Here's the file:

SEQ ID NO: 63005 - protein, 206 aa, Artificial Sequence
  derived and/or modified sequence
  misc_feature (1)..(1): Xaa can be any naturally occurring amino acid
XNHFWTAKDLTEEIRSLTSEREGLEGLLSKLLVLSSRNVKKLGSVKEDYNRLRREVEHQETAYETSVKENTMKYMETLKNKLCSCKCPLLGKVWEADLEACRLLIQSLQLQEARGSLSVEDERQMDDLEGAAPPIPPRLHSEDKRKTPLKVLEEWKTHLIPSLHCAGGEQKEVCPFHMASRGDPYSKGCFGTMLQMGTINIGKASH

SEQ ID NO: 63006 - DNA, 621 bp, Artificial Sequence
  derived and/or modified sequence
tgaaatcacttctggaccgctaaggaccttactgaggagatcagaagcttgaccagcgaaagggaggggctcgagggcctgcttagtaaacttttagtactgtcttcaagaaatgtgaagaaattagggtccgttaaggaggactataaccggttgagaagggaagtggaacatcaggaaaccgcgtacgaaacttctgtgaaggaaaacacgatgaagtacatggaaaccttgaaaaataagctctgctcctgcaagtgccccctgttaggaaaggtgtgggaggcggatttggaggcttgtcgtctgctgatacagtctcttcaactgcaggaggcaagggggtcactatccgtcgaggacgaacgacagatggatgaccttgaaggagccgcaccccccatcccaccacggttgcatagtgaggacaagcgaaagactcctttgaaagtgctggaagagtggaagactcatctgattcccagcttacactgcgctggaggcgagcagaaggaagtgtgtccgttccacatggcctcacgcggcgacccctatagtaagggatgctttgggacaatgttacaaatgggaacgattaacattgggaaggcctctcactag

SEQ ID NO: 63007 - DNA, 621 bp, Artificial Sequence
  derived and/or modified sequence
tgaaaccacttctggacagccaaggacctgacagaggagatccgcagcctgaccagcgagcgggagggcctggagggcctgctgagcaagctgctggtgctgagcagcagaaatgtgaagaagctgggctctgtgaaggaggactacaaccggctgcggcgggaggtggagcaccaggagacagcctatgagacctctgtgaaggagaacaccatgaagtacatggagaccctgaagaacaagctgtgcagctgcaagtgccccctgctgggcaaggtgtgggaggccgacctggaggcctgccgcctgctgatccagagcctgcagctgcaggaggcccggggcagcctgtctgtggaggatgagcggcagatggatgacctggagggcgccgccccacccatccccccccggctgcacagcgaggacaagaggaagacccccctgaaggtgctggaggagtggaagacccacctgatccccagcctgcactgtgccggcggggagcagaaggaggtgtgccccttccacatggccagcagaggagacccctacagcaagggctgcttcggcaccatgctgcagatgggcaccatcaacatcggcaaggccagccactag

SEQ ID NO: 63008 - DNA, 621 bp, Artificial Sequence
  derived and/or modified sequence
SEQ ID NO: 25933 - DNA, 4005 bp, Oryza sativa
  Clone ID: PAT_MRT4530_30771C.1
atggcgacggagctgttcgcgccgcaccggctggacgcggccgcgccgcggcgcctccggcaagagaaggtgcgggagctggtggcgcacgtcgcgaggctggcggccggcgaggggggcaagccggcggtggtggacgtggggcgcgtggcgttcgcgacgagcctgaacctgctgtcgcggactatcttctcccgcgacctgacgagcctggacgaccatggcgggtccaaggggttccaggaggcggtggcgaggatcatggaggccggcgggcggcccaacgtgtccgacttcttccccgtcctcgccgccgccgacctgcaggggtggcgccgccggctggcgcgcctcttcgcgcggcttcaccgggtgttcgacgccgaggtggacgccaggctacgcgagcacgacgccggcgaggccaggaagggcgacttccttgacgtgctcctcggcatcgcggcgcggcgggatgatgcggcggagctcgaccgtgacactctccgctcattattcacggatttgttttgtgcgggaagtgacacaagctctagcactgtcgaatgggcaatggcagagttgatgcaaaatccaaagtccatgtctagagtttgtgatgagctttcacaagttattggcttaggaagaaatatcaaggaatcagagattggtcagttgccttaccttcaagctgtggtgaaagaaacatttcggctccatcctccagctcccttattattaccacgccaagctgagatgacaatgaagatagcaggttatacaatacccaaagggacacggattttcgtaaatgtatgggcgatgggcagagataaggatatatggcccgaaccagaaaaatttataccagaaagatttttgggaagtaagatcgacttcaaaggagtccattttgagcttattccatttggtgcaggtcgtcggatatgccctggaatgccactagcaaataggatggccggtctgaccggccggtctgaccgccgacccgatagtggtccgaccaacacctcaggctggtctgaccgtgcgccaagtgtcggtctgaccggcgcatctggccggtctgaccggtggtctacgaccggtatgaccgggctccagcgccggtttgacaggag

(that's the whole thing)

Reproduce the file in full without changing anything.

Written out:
SEQ ID NO: 63005 - protein, 206 aa, Artificial Sequence
  derived and/or modified sequence
  misc_feature (1)..(1): Xaa can be any naturally occurring amino acid
XNHFWTAKDLTEEIRSLTSEREGLEGLLSKLLVLSSRNVKKLGSVKEDYNRLRREVEHQETAYETSVKENTMKYMETLKNKLCSCKCPLLGKVWEADLEACRLLIQSLQLQEARGSLSVEDERQMDDLEGAAPPIPPRLHSEDKRKTPLKVLEEWKTHLIPSLHCAGGEQKEVCPFHMASRGDPYSKGCFGTMLQMGTINIGKASH

SEQ ID NO: 63006 - DNA, 621 bp, Artificial Sequence
  derived and/or modified sequence
tgaaatcacttctggaccgctaaggaccttactgaggagatcagaagcttgaccagcgaaagggaggggctcgagggcctgcttagtaaacttttagtactgtcttcaagaaatgtgaagaaattagggtccgttaaggaggactataaccggttgagaagggaagtggaacatcaggaaaccgcgtacgaaacttctgtgaaggaaaacacgatgaagtacatggaaaccttgaaaaataagctctgctcctgcaagtgccccctgttaggaaaggtgtgggaggcggatttggaggcttgtcgtctgctgatacagtctcttcaactgcaggaggcaagggggtcactatccgtcgaggacgaacgacagatggatgaccttgaaggagccgcaccccccatcccaccacggttgcatagtgaggacaagcgaaagactcctttgaaagtgctggaagagtggaagactcatctgattcccagcttacactgcgctggaggcgagcagaaggaagtgtgtccgttccacatggcctcacgcggcgacccctatagtaagggatgctttgggacaatgttacaaatgggaacgattaacattgggaaggcctctcactag

SEQ ID NO: 63007 - DNA, 621 bp, Artificial Sequence
  derived and/or modified sequence
tgaaaccacttctggacagccaaggacctgacagaggagatccgcagcctgaccagcgagcgggagggcctggagggcctgctgagcaagctgctggtgctgagcagcagaaatgtgaagaagctgggctctgtgaaggaggactacaaccggctgcggcgggaggtggagcaccaggagacagcctatgagacctctgtgaaggagaacaccatgaagtacatggagaccctgaagaacaagctgtgcagctgcaagtgccccctgctgggcaaggtgtgggaggccgacctggaggcctgccgcctgctgatccagagcctgcagctgcaggaggcccggggcagcctgtctgtggaggatgagcggcagatggatgacctggagggcgccgccccacccatccccccccggctgcacagcgaggacaagaggaagacccccctgaaggtgctggaggagtggaagacccacctgatccccagcctgcactgtgccggcggggagcagaaggaggtgtgccccttccacatggccagcagaggagacccctacagcaagggctgcttcggcaccatgctgcagatgggcaccatcaacatcggcaaggccagccactag

SEQ ID NO: 63008 - DNA, 621 bp, Artificial Sequence
  derived and/or modified sequence
SEQ ID NO: 25933 - DNA, 4005 bp, Oryza sativa
  Clone ID: PAT_MRT4530_30771C.1
atggcgacggagctgttcgcgccgcaccggctggacgcggccgcgccgcggcgcctccggcaagagaaggtgcgggagctggtggcgcacgtcgcgaggctggcggccggcgaggggggcaagccggcggtggtggacgtggggcgcgtggcgttcgcgacgagcctgaacctgctgtcgcggactatcttctcccgcgacctgacgagcctggacgaccatggcgggtccaaggggttccaggaggcggtggcgaggatcatggaggccggcgggcggcccaacgtgtccgacttcttccccgtcctcgccgccgccgacctgcaggggtggcgccgccggctggcgcgcctcttcgcgcggcttcaccgggtgttcgacgccgaggtggacgccaggctacgcgagcacgacgccggcgaggccaggaagggcgacttccttgacgtgctcctcggcatcgcggcgcggcgggatgatgcggcggagctcgaccgtgacactctccgctcattattcacggatttgttttgtgcgggaagtgacacaagctctagcactgtcgaatgggcaatggcagagttgatgcaaaatccaaagtccatgtctagagtttgtgatgagctttcacaagttattggcttaggaagaaatatcaaggaatcagagattggtcagttgccttaccttcaagctgtggtgaaagaaacatttcggctccatcctccagctcccttattattaccacgccaagctgagatgacaatgaagatagcaggttatacaatacccaaagggacacggattttcgtaaatgtatgggcgatgggcagagataaggatatatggcccgaaccagaaaaatttataccagaaagatttttgggaagtaagatcgacttcaaaggagtccattttgagcttattccatttggtgcaggtcgtcggatatgccctggaatgccactagcaaataggatggccggtctgaccggccggtctgaccgccgacccgatagtggtccgaccaacacctcaggctggtctgaccgtgcgccaagtgtcggtctgaccggcgcatctggccggtctgaccggtggtctacgaccggtatgaccgggctccagcgccggtttgacaggag